For instance, opening track “Killer” begins with this killer, angry riff played on sax and organ.  A brooding voice then sings “So you live at the bottom of the sea and you kill all that comes near you/but you’re very lonely because all the other fish fear you/and you crave companionship and someone to call your own/because for the whole of your life, you’ve been living alone” before the organ plays a tense, dramatic build up and then the first verse comes back in, followed by the organ part and then it changes to this happier, rockin’ part and then the crazy sax part comes in, prompting my friend Zach to remark, “Edwin, it’s too early and I’m too hung over for this free jazz freak out!” Also, both Ian O’Brian and I noticed how the end of each line, where Hammill goes, “you-oo-oo-oo-oo-oooo” sounds a little like the end of the “Iron Man” riff.

After a brief, six minute detour into the soft, piano ballad “House with No Door”, the rest of the album caries on in similar fashion as “Killer.” All of the songs (including “House with No Door”) are great but individual parts are worth noting – the whirling, organ intro and similarly noisy Hammond breakdown to “Lost”, the flute/organ interplay and tense, angry build ups in “The Emperor in His War Room”, the spacey noises and driving riff in “Pioneers over C” and many other fine examples!

And yes, it may be difficult to take Peter Hammill seriously with his overwrought and melodramatic vocals and ridiculous lyrics like “live by sword and you will die so/all your paths shall come to naught” but I’ve personally come to enjoy his vocals and lyrics quite a bit. Especially the man blasting off and getting lost in space theme of “Pioneers over C”, which takes place in the futuristic year of 1983, no less!

“It is so dark around, no life, no hope, no sound!”

Pawn Hearts – Charisma -1971


I don’t know which album I’d tell someone to listen to first if suggesting a Van Der Graaf Generator album because between what I and other people prefer differs but if I’m trying to make someone vehemently hate the band, there’s no better album to do that with than Pawn Hearts.

It’s not as if the group was particularly accessible in the first place but this three song, 45 minute long LP is one dense and challenging piece of work!  When I first heard the album, I immediately liked the noisier bits.  The album’s opening track “Lemmings (Including Cog)” starts with a soft part, prompting a lady friend of mine to laugh out loud and exclaim, “is that a GUY?” but then the noisy “dee-do, dee-da” part abruptly comes in and the song gets all loud and the sax starts bleating away but then it gets quiet again.  And it’s this ugly/pretty, loud/quiet, scary/pleasant motif which dominates the record.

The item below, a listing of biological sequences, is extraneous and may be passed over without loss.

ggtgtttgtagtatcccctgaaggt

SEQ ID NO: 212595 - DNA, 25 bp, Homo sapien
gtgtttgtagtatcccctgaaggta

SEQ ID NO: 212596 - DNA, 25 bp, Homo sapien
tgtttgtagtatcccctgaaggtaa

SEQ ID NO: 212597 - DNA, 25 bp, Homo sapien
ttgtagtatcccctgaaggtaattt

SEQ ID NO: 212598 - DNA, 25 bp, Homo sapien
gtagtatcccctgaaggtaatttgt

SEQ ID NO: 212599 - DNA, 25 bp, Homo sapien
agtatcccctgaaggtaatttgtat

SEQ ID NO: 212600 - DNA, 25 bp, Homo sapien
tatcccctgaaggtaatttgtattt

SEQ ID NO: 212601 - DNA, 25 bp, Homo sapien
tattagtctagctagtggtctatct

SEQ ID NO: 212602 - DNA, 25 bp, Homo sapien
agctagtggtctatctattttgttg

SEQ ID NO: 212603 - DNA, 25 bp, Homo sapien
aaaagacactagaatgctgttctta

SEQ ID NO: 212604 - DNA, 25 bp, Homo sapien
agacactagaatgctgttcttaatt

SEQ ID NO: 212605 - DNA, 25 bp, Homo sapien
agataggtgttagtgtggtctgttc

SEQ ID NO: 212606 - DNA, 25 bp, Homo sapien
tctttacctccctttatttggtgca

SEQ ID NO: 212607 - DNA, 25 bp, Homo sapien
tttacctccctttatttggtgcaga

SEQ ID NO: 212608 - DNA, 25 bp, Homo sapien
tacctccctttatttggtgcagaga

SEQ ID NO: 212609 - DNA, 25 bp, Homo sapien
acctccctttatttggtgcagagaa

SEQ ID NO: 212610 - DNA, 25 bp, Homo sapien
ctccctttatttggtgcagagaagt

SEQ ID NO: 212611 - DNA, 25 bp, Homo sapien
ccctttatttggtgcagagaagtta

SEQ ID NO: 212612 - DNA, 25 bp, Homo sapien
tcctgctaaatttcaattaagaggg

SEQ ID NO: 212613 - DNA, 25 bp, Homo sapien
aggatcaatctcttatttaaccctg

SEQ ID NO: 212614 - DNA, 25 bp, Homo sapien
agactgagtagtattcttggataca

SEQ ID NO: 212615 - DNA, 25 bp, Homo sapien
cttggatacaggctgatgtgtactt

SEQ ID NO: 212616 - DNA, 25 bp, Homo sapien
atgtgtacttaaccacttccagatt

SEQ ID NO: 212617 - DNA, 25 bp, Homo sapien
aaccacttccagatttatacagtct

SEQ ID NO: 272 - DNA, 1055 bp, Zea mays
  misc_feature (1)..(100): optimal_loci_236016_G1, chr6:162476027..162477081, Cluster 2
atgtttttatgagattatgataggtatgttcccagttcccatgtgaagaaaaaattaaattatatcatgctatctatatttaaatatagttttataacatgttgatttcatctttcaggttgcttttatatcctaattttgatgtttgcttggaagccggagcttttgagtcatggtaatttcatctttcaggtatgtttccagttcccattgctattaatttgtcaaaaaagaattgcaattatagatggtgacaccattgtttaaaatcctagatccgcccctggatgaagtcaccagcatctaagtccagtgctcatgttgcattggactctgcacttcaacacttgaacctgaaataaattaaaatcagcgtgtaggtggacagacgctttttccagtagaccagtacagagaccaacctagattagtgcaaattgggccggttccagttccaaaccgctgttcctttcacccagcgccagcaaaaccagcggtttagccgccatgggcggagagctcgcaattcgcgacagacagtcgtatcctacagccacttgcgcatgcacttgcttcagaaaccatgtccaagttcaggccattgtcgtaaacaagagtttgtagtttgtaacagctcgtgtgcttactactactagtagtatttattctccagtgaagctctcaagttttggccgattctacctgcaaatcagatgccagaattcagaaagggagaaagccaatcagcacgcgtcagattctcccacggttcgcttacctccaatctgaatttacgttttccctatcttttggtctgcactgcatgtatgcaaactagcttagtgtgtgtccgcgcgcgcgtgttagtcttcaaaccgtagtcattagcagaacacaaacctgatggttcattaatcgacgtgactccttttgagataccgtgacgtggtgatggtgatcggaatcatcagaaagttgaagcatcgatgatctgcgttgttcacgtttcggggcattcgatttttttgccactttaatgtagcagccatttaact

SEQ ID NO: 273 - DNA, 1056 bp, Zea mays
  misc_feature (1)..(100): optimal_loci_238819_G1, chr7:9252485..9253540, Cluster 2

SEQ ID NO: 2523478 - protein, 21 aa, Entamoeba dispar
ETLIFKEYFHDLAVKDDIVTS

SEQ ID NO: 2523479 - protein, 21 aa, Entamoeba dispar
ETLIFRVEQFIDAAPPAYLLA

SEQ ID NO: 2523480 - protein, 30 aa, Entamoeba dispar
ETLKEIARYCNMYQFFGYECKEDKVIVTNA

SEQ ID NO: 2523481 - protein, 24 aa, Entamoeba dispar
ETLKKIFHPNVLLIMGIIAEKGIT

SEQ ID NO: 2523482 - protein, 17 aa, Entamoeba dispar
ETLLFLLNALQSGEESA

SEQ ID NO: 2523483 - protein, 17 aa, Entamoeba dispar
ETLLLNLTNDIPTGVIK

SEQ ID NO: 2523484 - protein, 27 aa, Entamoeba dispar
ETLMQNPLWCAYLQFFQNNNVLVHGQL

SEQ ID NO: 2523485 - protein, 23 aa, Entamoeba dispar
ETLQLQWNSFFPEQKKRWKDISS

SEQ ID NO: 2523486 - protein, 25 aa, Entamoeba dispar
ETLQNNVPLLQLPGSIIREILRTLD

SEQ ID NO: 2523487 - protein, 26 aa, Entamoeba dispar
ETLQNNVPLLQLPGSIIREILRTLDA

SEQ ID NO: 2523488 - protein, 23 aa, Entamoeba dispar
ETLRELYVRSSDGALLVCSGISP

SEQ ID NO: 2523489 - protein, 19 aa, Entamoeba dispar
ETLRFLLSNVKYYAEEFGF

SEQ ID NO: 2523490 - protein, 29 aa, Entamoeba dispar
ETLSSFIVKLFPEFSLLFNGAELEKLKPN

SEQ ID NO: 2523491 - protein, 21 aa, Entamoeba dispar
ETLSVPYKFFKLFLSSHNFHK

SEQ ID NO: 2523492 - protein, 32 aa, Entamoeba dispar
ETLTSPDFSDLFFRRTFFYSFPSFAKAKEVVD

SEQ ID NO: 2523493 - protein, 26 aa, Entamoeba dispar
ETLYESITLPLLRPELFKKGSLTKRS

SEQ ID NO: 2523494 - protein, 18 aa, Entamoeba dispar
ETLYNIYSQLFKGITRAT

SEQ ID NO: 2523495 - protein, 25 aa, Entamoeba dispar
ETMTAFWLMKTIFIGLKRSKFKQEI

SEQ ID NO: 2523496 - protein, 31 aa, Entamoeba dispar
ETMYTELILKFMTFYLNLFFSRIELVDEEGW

When the songs aren’t loud, Hammill sings in his wussy, high pitched voice over light piano melodies or acoustic guitars for minutes at a time.  What the hell is this crap?  And it sure doesn’t help that the third song “A Plague of Lighthouse Keepers” is a 23 minute, ten part medley!  You have to listen closely to suss enjoyment out of the record but it sure does pay off. There are a lot of things to listen for – bits, dodads, sounds, melodies, Hammill’s “ah-ah-ah-ah” imitating the distorted Farfisa organ during the loud part in “Man Erg” for instance, the sound of the ship horn in the fourth minute of “…Lighthouse Keepers”

I guess you can say Hammill uses his voice as an instrument, going up and down the note scale as a saxophone or trumpet might do. I guess this influenced John Lydon’s singing style in Public Image Ltd. 

And check out some of these lyrics. They’re surprisingly violent and dark!

“Greasy machinery slides on the rails
young minds and bodies on steal spokes impaled
cogs tearing bones
cogs tearing bones
iron-throated monsters are forcing the screams
mind and machinery box press the dreams.”

“But stalking in my cloisters bang the acolytes of doom
and Death’s Head throws his cloak into the corner of my room.”

“When you see the skeletons of sailing-ship spars sinking low
you’ll begin to wonder if the points of all the ancient myths are solemnly directed straight… at… you…”

Indeed Hammill’s lyrics are philosophical and apocalyptic but I’ll be damned if I understand what they’re about!

Then the band broke up and got back together a few years later.